Never assume anything about an album purely based on its cover art.
We all understand the dangers of buying a record purely based on the cover. Awesome covers don’t always mean awesome music. A hilariously bad cover doesn’t necessarily translate into a hilariously bad album; it might just be bad. But, by far, my worst cover-art-purchase ended in early-’70s easy listening. Imagine it, finding One of Those Songs, an anthology hits album by the Fluegel Knights—an interesting name, to say the least—with a portrait of a girl with long, flowing hair on the cover and a song called “Camelot,” in a bargain bin. References to their “unique sound” on the back should have made the “Fluegel” part of the band name click. But, no, the jazzy flugelhorn-based sound that greeted my ears was still a surprise.
The Fluegel Knights, it turns out, were the creation of Dick Behrke, a conductor and arranger who released several flugelhorn-based pop albums for MTA from the late ’60s into the ’70s. Most of those albums were actually under the name King Richard’s Fluegel Knights and that just makes it all even better. Judging by the other KRFK covers in the “Other MTA Hit Albums” section on the back cover, One of Those Songs opts for particularly bucolic imagery to sell the music. The other record covers were all about nondescript, vaguely psychedelic color-swatch backgrounds for Behrke to pose in front of creepily. Seriously, take a gander at the dubiously-titled Something Super! someday.
But regardless of album designs, the music itself is soul-crushingly average and, to most, likely grating. This is the less funky, lighter version of the sort of music that soundtracked ’70s shows like “Charlie’s Angels” and “The Mod Squad.” And that’s not a compliment. No matter how entertaining “The Mod Squad” is, its music is the low point. And this album at least is mostly a collection of adult contemporary jazzy versions of hits and standards. Flugelhorn pop is bad enough but flugelhorn remixes? Side A features a cover of the jazz standard “Everybody Loves My Baby,” and Behrke makes a point of squeezing in a tympani solo for the ages. The general format here goes something like this: open on a flurry of light and carefree horns and flutes, mix in some jangly guitar, marimba and off-kilter percussion (frequently maracas and tambourines), maybe throw in a tympani solo and end with a rather abrupt finale flourish (“Who’s Afraid of the Big Bad Wolf” is a big offender on that last point).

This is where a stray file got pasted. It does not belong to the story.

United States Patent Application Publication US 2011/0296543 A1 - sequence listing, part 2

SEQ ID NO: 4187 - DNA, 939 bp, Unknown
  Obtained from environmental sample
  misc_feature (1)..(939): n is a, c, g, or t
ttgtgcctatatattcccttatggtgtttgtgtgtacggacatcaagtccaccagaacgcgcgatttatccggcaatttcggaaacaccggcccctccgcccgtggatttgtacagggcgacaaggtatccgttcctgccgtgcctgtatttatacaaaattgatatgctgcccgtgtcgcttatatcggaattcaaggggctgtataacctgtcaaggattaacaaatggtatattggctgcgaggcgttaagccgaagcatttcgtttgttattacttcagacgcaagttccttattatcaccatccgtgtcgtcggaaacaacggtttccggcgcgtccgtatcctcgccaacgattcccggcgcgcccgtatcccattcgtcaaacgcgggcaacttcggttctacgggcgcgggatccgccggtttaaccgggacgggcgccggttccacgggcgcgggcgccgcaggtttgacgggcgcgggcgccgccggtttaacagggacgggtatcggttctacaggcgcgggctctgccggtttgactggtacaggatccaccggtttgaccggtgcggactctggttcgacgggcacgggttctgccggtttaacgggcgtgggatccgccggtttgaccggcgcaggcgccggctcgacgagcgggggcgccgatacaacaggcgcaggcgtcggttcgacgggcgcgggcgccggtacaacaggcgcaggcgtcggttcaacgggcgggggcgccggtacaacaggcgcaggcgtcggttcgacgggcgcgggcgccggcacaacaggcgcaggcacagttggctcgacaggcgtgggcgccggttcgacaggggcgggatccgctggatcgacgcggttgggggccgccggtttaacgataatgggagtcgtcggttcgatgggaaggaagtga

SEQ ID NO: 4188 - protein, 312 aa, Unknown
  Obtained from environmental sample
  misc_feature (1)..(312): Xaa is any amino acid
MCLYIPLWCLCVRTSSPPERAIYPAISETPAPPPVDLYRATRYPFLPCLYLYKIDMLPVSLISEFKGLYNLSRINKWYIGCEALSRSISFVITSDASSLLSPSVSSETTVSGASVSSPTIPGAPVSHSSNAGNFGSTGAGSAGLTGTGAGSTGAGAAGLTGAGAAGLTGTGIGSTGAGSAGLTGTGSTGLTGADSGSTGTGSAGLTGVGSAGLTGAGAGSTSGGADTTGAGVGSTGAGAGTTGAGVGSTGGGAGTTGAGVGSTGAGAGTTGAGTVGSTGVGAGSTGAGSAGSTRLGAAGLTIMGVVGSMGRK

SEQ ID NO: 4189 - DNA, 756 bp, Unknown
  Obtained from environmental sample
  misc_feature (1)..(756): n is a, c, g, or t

It’s hard to say exactly what the appeal was. Some musical genres are impossible to make excuses for. But in terms of arranging peppy versions of hit songs, Behrke and producer Bob Thompson do show off some flourishes. Cole Porter’s “In the Still of the Night” gets a total reworking, with KRFK’s version going heavy on the marimba, maracas and, naturally, flugelhorn. And, of course, “Camelot” is actually a flugelhorn pop remix of the title song from the Alan Jay Lerner musical. To be clear, these versions aren’t butchering the original melodies by any means. “Camelot” is very recognizable and very recognizable as an abomination. Maybe it’s an acquired taste.
The only track on One of Those Songs that bears few marks of Behrke’s arranging is “A Lover’s Concerto.” That is, until the horn fades and Behrke leaves the listener with a free-form breakdown of ’60s guitars, tambourine and tympani, the actual notes bearing little resemblance to any interlude in the Toys’ original. The takeaway here is that you should always approach easy listening remixes cautiously and never assume anything about an album purely based on its cover art.